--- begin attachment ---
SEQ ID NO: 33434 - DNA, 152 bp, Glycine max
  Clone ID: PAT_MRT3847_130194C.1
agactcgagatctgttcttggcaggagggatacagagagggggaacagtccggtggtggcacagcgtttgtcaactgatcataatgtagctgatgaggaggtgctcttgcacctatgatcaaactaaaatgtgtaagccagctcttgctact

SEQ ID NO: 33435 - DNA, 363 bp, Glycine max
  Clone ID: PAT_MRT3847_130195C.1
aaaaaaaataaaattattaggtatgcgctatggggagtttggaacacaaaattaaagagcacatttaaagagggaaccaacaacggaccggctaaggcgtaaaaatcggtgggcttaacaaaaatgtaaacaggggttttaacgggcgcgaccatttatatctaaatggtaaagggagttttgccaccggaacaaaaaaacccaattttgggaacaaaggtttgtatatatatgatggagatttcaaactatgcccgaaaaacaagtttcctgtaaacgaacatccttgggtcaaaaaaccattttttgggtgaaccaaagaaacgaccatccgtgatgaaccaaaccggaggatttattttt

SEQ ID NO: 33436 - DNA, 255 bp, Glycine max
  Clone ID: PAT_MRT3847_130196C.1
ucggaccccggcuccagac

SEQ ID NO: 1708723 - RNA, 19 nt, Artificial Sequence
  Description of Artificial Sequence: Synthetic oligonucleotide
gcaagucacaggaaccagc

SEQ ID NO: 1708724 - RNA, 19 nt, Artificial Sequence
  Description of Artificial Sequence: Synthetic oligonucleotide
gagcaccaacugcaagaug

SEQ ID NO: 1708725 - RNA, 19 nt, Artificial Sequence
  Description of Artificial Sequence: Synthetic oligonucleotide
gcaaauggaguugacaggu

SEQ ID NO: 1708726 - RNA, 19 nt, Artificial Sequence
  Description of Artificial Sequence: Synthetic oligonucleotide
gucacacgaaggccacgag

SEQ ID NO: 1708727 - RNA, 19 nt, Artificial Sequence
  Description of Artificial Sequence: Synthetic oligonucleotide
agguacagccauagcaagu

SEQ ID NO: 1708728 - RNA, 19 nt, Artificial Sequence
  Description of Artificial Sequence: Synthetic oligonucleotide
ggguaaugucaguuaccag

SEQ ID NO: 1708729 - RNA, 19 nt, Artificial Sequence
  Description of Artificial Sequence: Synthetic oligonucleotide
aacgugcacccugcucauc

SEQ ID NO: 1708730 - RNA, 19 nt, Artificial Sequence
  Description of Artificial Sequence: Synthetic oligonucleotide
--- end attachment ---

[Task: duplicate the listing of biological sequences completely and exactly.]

SEQ ID NO: 33434 - DNA, 152 bp, Glycine max
  Clone ID: PAT_MRT3847_130194C.1
agactcgagatctgttcttggcaggagggatacagagagggggaacagtccggtggtggcacagcgtttgtcaactgatcataatgtagctgatgaggaggtgctcttgcacctatgatcaaactaaaatgtgtaagccagctcttgctact

SEQ ID NO: 33435 - DNA, 363 bp, Glycine max
  Clone ID: PAT_MRT3847_130195C.1
aaaaaaaataaaattattaggtatgcgctatggggagtttggaacacaaaattaaagagcacatttaaagagggaaccaacaacggaccggctaaggcgtaaaaatcggtgggcttaacaaaaatgtaaacaggggttttaacgggcgcgaccatttatatctaaatggtaaagggagttttgccaccggaacaaaaaaacccaattttgggaacaaaggtttgtatatatatgatggagatttcaaactatgcccgaaaaacaagtttcctgtaaacgaacatccttgggtcaaaaaaccattttttgggtgaaccaaagaaacgaccatccgtgatgaaccaaaccggaggatttattttt

SEQ ID NO: 33436 - DNA, 255 bp, Glycine max
  Clone ID: PAT_MRT3847_130196C.1
ucggaccccggcuccagac

SEQ ID NO: 1708723 - RNA, 19 nt, Artificial Sequence
  Description of Artificial Sequence: Synthetic oligonucleotide
gcaagucacaggaaccagc

SEQ ID NO: 1708724 - RNA, 19 nt, Artificial Sequence
  Description of Artificial Sequence: Synthetic oligonucleotide
gagcaccaacugcaagaug

SEQ ID NO: 1708725 - RNA, 19 nt, Artificial Sequence
  Description of Artificial Sequence: Synthetic oligonucleotide
gcaaauggaguugacaggu

SEQ ID NO: 1708726 - RNA, 19 nt, Artificial Sequence
  Description of Artificial Sequence: Synthetic oligonucleotide
gucacacgaaggccacgag

SEQ ID NO: 1708727 - RNA, 19 nt, Artificial Sequence
  Description of Artificial Sequence: Synthetic oligonucleotide
agguacagccauagcaagu

SEQ ID NO: 1708728 - RNA, 19 nt, Artificial Sequence
  Description of Artificial Sequence: Synthetic oligonucleotide
ggguaaugucaguuaccag

SEQ ID NO: 1708729 - RNA, 19 nt, Artificial Sequence
  Description of Artificial Sequence: Synthetic oligonucleotide
aacgugcacccugcucauc

SEQ ID NO: 1708730 - RNA, 19 nt, Artificial Sequence
  Description of Artificial Sequence: Synthetic oligonucleotide